North American Brant: effects of changes in habitat and climate on population dynamics

David H. Ward
Abstract We describe the importance of key habitats used by four nesting populations of nearctic brant (Branta bernicla) and discuss the potential relationship between changes in these habitats and population dynamics of brant. Nearctic brant, in contrast to most geese, rely on marine habitats and native intertidal plants during the non-breeding season, particularly the seagrass, Zostera, and the macroalgae, Ulva. Atlantic and Eastern High Arctic brant have experienced the greatest degradation of their winter habitats (northeastern United States and Ireland, respectively) and have also shown the most plasticity in feeding behavior. Black and Western High Arctic brant of the Pacific Flyway are the most dependent on Zostera, and are undergoing a shift in winter distribution that is likely related to climate change and its associated effects on Zostera dynamics. Variation in breeding propensity of Black Brant associated with winter location and climate strongly suggests that food abundance on the wintering grounds directly affects reproductive performance in these geese. In summer, salt marshes, especially those containing Carex and Puccinellia, are key habitats for raising young, while lake shorelines with fine freshwater grasses and sedges are important for molting birds. Availability and abundance of salt marshes has a direct effect on growth and recruitment of goslings and ultimately, plays an important role in regulating size of local brant populations. [source]

The effects of an ethics training program on attitude, knowledge, and transfer of training of office professionals: A treatment- and control-group design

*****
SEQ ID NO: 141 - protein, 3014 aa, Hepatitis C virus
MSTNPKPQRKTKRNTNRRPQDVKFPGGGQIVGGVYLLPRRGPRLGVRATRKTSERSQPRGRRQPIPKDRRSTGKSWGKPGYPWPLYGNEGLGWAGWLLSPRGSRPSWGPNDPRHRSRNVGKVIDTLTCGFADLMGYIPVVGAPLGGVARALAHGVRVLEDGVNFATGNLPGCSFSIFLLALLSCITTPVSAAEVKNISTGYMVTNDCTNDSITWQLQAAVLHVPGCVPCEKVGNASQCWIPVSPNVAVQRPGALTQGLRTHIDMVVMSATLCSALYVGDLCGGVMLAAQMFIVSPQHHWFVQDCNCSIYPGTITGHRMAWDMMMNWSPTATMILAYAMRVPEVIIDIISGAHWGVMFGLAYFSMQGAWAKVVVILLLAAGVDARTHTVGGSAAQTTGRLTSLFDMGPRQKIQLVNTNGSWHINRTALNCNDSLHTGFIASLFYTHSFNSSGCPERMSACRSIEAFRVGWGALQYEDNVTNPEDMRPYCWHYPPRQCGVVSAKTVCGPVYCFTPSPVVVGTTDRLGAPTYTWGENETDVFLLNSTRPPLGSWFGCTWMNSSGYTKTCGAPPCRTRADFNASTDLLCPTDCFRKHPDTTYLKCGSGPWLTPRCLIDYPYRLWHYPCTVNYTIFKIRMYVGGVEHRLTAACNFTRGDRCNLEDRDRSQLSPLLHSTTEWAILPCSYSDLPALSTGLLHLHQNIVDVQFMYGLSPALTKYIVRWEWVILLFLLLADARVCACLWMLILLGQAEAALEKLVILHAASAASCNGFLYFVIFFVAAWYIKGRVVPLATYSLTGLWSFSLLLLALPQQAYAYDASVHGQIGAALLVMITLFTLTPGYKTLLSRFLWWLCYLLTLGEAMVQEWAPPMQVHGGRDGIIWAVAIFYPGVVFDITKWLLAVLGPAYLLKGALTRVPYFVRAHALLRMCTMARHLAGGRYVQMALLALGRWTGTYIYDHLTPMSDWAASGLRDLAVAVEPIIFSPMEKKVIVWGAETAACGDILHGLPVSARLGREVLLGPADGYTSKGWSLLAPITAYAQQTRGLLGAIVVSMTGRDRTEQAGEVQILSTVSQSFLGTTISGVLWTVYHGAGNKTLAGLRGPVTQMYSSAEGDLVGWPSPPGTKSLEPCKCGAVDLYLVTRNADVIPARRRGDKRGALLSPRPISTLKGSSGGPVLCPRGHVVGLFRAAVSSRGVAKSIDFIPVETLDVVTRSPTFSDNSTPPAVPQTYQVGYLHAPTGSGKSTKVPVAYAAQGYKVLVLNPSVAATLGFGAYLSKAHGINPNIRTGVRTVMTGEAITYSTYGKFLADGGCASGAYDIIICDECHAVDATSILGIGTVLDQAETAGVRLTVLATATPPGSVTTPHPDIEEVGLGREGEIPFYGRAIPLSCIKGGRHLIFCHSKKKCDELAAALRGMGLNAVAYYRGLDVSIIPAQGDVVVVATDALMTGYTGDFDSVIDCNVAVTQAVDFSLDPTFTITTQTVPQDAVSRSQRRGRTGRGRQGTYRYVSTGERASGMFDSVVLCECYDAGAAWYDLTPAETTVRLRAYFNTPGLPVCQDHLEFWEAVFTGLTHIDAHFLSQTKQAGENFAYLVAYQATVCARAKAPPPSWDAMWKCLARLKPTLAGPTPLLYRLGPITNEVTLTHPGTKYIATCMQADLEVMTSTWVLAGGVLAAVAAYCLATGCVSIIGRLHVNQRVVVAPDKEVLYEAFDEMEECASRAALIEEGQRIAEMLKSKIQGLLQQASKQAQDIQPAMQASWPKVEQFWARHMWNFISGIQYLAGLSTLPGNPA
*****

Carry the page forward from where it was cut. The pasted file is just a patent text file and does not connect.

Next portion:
Deloise A. Frisque
This study examines the effects of ethics training on the attitudes, knowledgebased scores, and analysis of ethical dilemmas among office professionals. A treatment-and control-group design was used with variables of interest measured before, immediately after, and ninety days following completion of a six-hour ethics training workshop. A Web-based research randomizer was used with an electronic file to identify full-time office professionals at a large university in the northeastern United States. Seventy-one participants were assigned to the treatment (training) group, twenty to the control group. Results indicate significant differences in attitude and analysis of ethical dilemmas between the two groups. [source]

Assessing the effects of post-pine beetle forest litter on snow albedo

Rita Winkler
Abstract The effect of forest litter on snow surface albedo has been subject to limited study, mainly in the hardwood-dominated forests of the northeastern United States. Given the recent pine beetle infestation in Western North America and associated increases in litter production, this study examines the effects of forest litter on snow surface albedo in the coniferous forests of south-central British Columbia. Measured changes in canopy transmittance provide an indication of canopy loss or total litterfall over the winter of 2007,2008. Relationships between percent litter cover, an index of albedo, snow depth, and snow ablation during the 2008 melt season are compared between a mature, young, and clearcut coniferous stand. Results indicate a strong feedback effect between canopy loss and subsequent enhanced shortwave transmittance, and litter accumulation on the snow surface from that canopy loss. However, this relationship is confounded by other variables concurrently affecting albedo. While results suggest that a relatively small percent litter cover can have a significant effect on albedo and ablation, further research is underway to extract the litter signal from that of other factors affecting albedo, particularly snow depth. Copyright © 2010 John Wiley & Sons, Ltd. [source]

Influence of climate and reproductive timing on demography of little brown myotis Myotis lucifugus

Winifred F. Frick